Monday, 11 March 2013

Surrogacy arrangements: Who pays the piper?

In my native Australia, two women from Queensland are campaigning for surrogacy costs to be subsidised by the Australian taxpayer.

Melissa Delaware, 35, and Jillian Spears, 40, cannot bear children following their respective battles with cancer which required the removal of their uteruses.  They are each trying for a child using a surrogate mother.

The Australian publicly funded universal health care system is called Medicare.  It allows Australian citizens and permanent residents to receive subsidised treatment from medical practitioners, nurse practitioners and allied health professionals.  Medicare covers the lion’s share of the treatment fee, and patients then pay the balance. 

IVF is provided under Medicare, irrespective of the patient’s income, the number of cycles and whose genetic material is used.  However, Medicare does not presently cover any of the expenses incurred by a Commissioning Parent seeking to have a child through surrogacy.

The two women say this is discriminatory and are petitioning the Australian Federal Government to change the regulations.  Mrs Delaware said while babies born through surrogacy were recognised for tax purposes and paid parental leave, any treatment leading to their birth was not recognised by Medicare.

"Any other woman could do this four times for the same money we're spending on just one cycle," said Mrs Delaware.  "A woman without a uterus or the ability to carry a pregnancy for medical reasons is treated less favourably than other women who can."

Figures show a single cycle of IVF in Australia incurred out-of-pocket expenses of between AU$3,400 (£2,350) and AU$4800 (£3,300).  Mrs Delaware expects her costs to reach more than AU$50,000 (£34,400).

On top of these IVF costs, Commissioning Parents using surrogacy also face legal and counselling costs and their surrogate's health, insurance and travel costs.

Mrs Delaware estimated the average cost of legal surrogacy to be around AU$60,000, (£41,200). 

A spokesman for the Federal Health Minister said the Australian Government would consider the matter.

So much for the Australian angle – what about the situation here?  Well, as in Australia, surrogacy in the UK can be costly.  Whilst commercial surrogacy is illegal, it is perfectly proper – and common – for expenses to be paid to the surrogate.  The precise payment made varies, but tends to range from about £7,000 to £15,000.  There is no upper cap on the amount that may be paid, but an English Judge asked to make a Parental Order following a surrogacy arrangement is likely to need some persuading that expenses exceeding £15,000 were reasonable.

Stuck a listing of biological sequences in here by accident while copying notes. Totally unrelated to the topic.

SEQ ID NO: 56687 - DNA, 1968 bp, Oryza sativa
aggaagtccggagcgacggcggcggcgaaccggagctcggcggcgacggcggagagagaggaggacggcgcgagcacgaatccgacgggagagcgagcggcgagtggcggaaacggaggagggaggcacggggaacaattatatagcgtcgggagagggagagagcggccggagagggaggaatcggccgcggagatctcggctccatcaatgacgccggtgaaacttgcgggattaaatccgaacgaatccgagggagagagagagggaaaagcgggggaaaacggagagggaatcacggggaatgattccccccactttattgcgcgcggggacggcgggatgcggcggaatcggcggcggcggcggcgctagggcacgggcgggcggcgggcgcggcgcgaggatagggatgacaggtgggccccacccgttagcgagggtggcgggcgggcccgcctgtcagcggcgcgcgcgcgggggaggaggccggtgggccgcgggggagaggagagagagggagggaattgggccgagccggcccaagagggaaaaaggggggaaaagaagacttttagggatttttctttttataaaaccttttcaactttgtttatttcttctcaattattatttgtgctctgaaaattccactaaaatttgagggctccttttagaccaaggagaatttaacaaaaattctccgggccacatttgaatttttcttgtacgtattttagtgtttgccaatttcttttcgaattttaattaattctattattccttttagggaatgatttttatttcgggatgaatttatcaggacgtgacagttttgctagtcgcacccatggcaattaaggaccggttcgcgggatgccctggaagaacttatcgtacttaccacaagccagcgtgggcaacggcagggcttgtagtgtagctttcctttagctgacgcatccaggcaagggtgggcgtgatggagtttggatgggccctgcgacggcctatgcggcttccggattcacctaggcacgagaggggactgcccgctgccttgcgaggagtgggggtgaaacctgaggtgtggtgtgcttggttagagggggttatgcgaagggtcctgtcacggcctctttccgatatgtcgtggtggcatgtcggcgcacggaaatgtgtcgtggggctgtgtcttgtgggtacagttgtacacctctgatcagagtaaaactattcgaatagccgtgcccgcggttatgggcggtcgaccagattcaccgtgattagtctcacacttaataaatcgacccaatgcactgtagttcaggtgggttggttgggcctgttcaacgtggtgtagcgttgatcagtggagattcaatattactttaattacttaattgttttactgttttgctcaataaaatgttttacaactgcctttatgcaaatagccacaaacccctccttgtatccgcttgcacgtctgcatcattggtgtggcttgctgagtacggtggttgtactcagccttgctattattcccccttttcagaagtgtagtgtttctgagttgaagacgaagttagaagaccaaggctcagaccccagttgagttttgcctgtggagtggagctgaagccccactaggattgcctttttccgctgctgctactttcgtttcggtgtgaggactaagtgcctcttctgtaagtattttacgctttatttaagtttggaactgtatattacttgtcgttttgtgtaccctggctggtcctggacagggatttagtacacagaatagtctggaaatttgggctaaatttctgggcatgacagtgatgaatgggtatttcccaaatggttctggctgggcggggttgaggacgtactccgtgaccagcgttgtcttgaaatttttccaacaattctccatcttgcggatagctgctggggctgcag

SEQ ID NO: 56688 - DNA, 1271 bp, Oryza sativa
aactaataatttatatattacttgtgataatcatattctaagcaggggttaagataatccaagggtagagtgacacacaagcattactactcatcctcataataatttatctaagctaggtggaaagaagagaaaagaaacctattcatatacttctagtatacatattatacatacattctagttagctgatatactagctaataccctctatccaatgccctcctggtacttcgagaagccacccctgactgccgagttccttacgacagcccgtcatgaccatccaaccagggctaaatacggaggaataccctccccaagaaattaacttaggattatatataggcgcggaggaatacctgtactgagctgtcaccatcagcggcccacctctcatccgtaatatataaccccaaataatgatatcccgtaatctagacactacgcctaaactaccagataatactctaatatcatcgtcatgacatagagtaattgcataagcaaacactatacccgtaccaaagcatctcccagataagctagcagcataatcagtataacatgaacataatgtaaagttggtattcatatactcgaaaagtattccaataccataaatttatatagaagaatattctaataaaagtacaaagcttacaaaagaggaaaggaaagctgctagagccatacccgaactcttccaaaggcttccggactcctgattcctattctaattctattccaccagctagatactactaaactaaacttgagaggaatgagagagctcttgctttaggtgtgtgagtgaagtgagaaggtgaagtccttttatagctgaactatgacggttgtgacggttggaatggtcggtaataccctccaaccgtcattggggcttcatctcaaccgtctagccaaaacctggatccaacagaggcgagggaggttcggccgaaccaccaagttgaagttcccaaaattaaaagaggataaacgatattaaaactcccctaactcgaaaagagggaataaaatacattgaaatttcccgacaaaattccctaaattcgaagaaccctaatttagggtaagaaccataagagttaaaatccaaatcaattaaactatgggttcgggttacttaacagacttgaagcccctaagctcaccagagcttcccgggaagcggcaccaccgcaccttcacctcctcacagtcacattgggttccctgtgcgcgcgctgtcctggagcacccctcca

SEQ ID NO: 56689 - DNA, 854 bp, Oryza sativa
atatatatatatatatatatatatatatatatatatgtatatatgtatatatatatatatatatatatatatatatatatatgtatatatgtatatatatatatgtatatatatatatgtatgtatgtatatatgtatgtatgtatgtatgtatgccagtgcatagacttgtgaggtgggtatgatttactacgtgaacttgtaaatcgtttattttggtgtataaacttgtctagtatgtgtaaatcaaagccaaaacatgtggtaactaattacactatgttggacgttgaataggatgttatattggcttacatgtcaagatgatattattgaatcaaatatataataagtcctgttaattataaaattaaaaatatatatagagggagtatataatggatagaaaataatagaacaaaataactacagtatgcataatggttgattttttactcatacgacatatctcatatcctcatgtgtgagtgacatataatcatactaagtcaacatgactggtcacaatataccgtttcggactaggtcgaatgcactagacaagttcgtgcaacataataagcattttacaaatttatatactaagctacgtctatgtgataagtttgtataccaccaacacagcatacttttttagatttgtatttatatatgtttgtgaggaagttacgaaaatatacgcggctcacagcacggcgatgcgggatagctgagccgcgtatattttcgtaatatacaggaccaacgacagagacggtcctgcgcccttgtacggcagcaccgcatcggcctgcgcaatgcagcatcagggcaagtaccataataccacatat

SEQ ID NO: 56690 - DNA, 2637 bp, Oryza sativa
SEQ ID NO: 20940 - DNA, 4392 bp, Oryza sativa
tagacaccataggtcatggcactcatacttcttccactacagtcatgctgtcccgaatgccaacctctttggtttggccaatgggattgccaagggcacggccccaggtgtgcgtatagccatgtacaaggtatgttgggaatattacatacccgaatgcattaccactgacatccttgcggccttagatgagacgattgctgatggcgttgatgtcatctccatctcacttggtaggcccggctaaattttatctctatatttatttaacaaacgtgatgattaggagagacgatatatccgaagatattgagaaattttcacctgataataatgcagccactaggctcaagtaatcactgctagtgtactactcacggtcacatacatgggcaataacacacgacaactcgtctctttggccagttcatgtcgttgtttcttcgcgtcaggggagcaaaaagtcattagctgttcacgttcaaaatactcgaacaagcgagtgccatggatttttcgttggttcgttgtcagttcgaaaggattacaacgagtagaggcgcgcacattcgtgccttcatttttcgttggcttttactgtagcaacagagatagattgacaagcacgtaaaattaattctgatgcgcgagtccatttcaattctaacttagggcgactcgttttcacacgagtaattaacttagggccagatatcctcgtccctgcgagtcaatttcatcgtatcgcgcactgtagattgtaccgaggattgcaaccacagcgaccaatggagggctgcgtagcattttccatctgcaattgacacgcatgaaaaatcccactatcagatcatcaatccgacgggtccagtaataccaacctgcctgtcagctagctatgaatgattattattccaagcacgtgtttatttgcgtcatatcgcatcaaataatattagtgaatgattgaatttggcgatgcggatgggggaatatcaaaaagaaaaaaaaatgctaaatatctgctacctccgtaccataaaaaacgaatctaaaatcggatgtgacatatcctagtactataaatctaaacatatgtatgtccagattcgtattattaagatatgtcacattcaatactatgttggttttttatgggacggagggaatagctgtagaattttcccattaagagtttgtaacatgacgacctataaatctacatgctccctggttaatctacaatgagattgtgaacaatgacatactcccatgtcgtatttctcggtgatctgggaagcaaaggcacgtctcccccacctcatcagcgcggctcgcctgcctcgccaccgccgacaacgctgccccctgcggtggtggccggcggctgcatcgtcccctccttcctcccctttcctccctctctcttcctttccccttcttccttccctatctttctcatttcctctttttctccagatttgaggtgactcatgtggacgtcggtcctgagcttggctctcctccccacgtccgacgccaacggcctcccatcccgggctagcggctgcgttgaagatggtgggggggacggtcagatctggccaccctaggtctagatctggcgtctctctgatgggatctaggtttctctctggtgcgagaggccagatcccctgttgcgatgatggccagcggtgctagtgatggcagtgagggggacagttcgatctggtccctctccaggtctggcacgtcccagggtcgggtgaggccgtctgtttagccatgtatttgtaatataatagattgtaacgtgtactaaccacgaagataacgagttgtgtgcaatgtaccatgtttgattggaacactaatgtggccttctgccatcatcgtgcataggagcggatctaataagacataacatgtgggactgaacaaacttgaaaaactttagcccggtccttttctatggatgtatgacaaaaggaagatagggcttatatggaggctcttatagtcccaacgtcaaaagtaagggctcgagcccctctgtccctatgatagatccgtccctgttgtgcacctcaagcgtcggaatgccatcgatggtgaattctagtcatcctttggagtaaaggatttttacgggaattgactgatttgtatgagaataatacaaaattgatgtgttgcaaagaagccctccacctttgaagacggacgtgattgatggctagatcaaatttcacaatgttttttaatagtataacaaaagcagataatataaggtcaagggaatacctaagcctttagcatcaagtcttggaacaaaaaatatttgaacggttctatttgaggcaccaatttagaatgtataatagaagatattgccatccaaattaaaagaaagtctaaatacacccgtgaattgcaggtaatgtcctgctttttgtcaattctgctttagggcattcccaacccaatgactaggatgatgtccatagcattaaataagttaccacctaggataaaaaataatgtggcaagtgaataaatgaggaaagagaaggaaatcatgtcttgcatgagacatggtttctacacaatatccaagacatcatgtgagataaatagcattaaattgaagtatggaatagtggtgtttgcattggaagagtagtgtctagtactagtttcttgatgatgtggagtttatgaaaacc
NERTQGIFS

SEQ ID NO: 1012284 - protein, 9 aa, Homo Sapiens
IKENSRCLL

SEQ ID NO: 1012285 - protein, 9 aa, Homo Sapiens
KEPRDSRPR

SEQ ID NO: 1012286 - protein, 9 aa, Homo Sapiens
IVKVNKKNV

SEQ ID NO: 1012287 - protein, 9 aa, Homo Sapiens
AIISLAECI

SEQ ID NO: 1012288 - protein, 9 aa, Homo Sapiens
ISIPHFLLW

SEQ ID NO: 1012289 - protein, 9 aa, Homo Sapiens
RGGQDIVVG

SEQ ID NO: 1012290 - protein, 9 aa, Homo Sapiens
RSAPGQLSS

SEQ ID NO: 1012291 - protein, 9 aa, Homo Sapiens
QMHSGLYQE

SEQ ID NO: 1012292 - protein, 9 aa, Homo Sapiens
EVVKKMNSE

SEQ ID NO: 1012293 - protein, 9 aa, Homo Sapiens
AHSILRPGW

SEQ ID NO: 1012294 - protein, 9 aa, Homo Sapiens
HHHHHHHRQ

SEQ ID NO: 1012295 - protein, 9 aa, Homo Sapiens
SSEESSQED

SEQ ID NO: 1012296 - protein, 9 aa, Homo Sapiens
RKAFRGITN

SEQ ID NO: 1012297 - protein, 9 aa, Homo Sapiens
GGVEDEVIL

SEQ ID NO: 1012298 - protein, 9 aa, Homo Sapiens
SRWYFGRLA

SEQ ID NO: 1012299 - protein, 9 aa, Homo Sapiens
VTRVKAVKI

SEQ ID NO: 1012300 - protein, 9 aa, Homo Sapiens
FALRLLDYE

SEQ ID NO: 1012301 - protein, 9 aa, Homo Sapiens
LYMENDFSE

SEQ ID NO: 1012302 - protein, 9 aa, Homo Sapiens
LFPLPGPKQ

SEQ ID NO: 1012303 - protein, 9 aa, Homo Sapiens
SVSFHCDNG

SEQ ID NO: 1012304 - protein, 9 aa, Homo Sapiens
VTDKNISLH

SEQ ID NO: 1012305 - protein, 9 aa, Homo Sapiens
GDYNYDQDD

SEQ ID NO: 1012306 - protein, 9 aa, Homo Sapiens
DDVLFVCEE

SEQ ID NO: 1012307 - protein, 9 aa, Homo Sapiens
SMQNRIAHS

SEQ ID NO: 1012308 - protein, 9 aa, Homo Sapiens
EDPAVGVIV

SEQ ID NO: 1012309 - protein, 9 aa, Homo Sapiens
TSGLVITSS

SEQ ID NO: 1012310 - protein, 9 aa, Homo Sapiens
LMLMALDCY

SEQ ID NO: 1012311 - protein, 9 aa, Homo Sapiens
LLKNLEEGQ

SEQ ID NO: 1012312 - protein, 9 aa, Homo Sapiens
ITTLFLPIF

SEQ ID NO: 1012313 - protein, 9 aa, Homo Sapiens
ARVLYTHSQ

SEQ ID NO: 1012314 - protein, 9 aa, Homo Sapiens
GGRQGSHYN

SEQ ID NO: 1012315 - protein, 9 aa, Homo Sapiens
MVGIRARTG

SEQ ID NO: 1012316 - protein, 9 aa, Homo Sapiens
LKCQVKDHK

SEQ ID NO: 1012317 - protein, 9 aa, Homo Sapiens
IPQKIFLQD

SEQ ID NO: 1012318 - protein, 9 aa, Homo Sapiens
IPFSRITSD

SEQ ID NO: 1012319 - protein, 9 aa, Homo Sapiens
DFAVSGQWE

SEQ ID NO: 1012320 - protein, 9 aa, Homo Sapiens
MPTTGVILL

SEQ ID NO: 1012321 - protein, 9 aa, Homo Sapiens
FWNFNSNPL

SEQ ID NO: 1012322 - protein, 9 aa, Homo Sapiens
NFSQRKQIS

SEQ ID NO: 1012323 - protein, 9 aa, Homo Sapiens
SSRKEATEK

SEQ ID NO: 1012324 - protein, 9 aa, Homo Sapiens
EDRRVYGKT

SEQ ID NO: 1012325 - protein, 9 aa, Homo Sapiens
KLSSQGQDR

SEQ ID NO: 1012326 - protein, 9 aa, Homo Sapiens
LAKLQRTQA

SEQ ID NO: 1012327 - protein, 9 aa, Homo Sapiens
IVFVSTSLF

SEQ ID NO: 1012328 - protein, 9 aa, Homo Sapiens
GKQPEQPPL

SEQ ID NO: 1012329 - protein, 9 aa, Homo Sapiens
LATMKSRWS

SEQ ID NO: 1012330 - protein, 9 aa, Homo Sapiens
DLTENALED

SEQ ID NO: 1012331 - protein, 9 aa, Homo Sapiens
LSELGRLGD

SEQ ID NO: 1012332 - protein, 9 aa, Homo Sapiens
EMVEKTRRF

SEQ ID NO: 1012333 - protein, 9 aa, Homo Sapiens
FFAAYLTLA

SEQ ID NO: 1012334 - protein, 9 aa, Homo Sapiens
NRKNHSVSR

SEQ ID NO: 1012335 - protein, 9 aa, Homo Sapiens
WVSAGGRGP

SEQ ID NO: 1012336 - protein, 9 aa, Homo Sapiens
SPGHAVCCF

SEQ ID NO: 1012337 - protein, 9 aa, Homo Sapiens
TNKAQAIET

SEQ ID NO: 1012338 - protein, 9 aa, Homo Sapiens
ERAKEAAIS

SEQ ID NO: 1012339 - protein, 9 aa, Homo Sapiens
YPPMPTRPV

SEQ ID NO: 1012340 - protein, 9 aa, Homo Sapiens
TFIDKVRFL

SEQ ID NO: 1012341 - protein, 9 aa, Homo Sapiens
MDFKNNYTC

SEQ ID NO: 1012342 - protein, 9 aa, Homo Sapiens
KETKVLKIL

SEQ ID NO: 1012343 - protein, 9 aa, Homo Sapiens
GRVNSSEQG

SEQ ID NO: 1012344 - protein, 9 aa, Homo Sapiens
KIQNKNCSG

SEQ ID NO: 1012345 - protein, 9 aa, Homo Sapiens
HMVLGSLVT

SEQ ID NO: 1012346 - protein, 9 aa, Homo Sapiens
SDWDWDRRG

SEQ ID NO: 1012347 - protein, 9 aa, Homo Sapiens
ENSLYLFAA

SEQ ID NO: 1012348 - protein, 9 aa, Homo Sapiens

It may appear cheaper to enter into a surrogacy arrangement overseas, but the costs associated with then dealing with some of the complications that such arrangements tend to bring may make this a false economy.  These include:

·                    the child’s nationality, if born abroad to a non-British / EU citizen;

·                    the child’s entry clearance – if not an EU national, he or she will need a visa to enter the UK;

·                    different approaches abroad to the commercialisation of surrogacy – in some countries, payments in addition to expenses are legal and required;

·                    the fact that a surrogacy arrangement might be enforceable abroad but not in the UK, and

·                    differences between countries about who is treated as a surrogate child’s legal parents.

On top of the costs payable to the surrogate, if the surrogacy is performed at a HFEA-licensed clinic, there will be additional fees for the IVF procedure – between £15,000 and £20,000. 

Last, there potentially are the legal fees associated with obtaining a Parental Order, which I considered in a recent blog.

It might be possible for some of the costs associated with the IVF procedure to be met by the NHS.  However, the provision of IVF treatment varies across the country.  It often depends on local policies.  Priority is often given to childless couples.  In many areas Primary Care Trusts (PCT) refuse to fund surrogacy-IVF because the resulting embryo will be implanted in the womb of a surrogate.  Guidance from the National Institute for Health and Clinical Excellence (NICE) states that where the reason for infertility is known, patients should be fast-tracked for NHS-funded IVF treatment.  However, the Guidance goes on to exclude surrogacy from its remit. 

Following a trawl through Google, I’ve not been able to find any private health care insurance that would cover the costs of IVF treatment (although most will fund investigations into the underlying causes behind an inability to become pregnant).

At present, much as in Australia, there is no entitlement to look to the NHS for a contribution to the surrogacy expenses. 

The commercial reality is that many Commissioning Parents here have to save or borrow (either through personal loans or by mortgaging property) to meet both treatment costs and surrogacy expenses.  Another common option is to rely on credit cards.

Should we be more ready here to fund the IVF procedures associated with surrogacy arrangements on the NHS?  There is force behind the line taken by Mesdames Delaware and Spears in Australia, namely that treating women (and the funding of their IVF) unable to carry a child for medical reasons differently is inherently discriminatory. 

To those who have been through the surrogacy experience, I’d love to hear:

·                    who your PCT was, and their attitude towards NHS funding of the IVF, and
·                    what arrangements you had to make to fund the process. 

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